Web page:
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Through the Back Door

The Black Market in Poland 1944–1989

Series:

Jerzy Kochanowski

This book analyzes the history of the black market in Poland before the 1940s and the development of black-market phenomena in post-war Poland. The author evaluates the interrelation between black-market phenomena and historical and geographical conditions. At first, the black market stabilized the system by making it more flexible and creating a margin of freedom, albeit in the short term. In the long run, the informal economic activities of the people ran counter to and undermined the official ideology of the state. The author concludes that in post-war Poland, owing to a singular coincidence of historical, political, economic and social factors, the second economy had its own unique character and an endemic presence that loomed large in the Soviet Bloc.

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6. Alcohol

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← 228 | 229 →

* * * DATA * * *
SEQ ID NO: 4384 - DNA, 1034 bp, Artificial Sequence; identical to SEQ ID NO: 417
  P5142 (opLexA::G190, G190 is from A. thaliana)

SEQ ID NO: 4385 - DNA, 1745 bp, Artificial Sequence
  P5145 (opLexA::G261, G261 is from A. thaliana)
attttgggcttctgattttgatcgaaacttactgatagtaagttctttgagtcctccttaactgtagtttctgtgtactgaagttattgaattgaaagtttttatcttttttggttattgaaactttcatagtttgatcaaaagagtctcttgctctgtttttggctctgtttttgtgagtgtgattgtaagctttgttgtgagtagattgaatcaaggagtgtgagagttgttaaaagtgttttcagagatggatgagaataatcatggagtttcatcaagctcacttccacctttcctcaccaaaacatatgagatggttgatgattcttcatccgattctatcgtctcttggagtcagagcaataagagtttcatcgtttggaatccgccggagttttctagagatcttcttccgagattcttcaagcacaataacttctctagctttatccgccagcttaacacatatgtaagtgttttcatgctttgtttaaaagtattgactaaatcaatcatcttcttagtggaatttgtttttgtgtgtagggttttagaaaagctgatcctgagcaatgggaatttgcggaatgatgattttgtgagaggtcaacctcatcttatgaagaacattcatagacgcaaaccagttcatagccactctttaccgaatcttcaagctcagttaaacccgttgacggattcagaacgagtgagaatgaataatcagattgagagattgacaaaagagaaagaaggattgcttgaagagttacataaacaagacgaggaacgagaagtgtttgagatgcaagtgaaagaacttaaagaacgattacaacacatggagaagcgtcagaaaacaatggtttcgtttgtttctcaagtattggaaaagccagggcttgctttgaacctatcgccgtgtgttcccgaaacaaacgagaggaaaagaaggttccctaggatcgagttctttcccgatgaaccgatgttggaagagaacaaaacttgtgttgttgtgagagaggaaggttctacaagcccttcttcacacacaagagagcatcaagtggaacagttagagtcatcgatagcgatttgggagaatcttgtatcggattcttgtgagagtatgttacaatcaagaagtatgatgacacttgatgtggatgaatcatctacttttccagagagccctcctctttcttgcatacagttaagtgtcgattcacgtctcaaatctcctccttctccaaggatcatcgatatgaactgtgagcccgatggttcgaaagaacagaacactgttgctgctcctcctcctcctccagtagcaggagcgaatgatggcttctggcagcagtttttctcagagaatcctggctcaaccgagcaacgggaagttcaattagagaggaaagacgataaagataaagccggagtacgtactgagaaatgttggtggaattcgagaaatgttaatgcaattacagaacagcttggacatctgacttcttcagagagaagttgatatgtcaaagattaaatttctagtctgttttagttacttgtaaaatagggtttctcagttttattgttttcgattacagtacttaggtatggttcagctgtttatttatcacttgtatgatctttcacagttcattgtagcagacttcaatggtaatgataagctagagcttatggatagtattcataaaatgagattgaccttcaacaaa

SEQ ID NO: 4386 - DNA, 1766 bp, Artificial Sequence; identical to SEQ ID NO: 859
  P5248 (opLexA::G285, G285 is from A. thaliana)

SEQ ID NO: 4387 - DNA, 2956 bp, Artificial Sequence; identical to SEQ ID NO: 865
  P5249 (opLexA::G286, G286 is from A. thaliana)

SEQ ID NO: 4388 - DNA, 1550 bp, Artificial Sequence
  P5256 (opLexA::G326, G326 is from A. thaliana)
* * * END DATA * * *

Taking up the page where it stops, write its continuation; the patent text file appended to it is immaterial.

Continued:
6.  Alcohol

The excessive alcohol consumption in communist Poland has been a topic of extensive research. We therefore need not dwell on the social and cultural context of the phenomenon and focus instead on its most important black market aspects such as illegal alcohol production and unofficial distribution of state-produced alcohol.773

In communist Poland’s second economy, alcohol vied for top position with meat and the US dollar. Without a doubt, however, it was alcohol that had the longest tradition on the black market. Polish peasants became adept at breaking the state spirit monopoly as early as the 19th century. High alcohol consumption was traditional in their way of life, the ingredients necessary for alcohol production, such as grain and potatoes, were within easy reach and their natural habitat was less easy to keep under official supervision than the cities. No wonder that when the monopolist state encountered financial problems and tried to reach deeper into the wallets of Polish alcohol drinkers, they reacted by developing effective defense strategies.

Ubiquitous moonshine distillation began in the Polish territories at the outbreak of the First World War, with the introduction of prohibition in the Russian Empire. Alcohol production was banned and most of the supply destroyed. German and Austrian occupation of the Kingdom of Poland made little difference, since the new occupiers did not resume local alcohol distillation and rigidly controlled both production and consumption. Unsurprisingly, illegal breweries began to pop up like...

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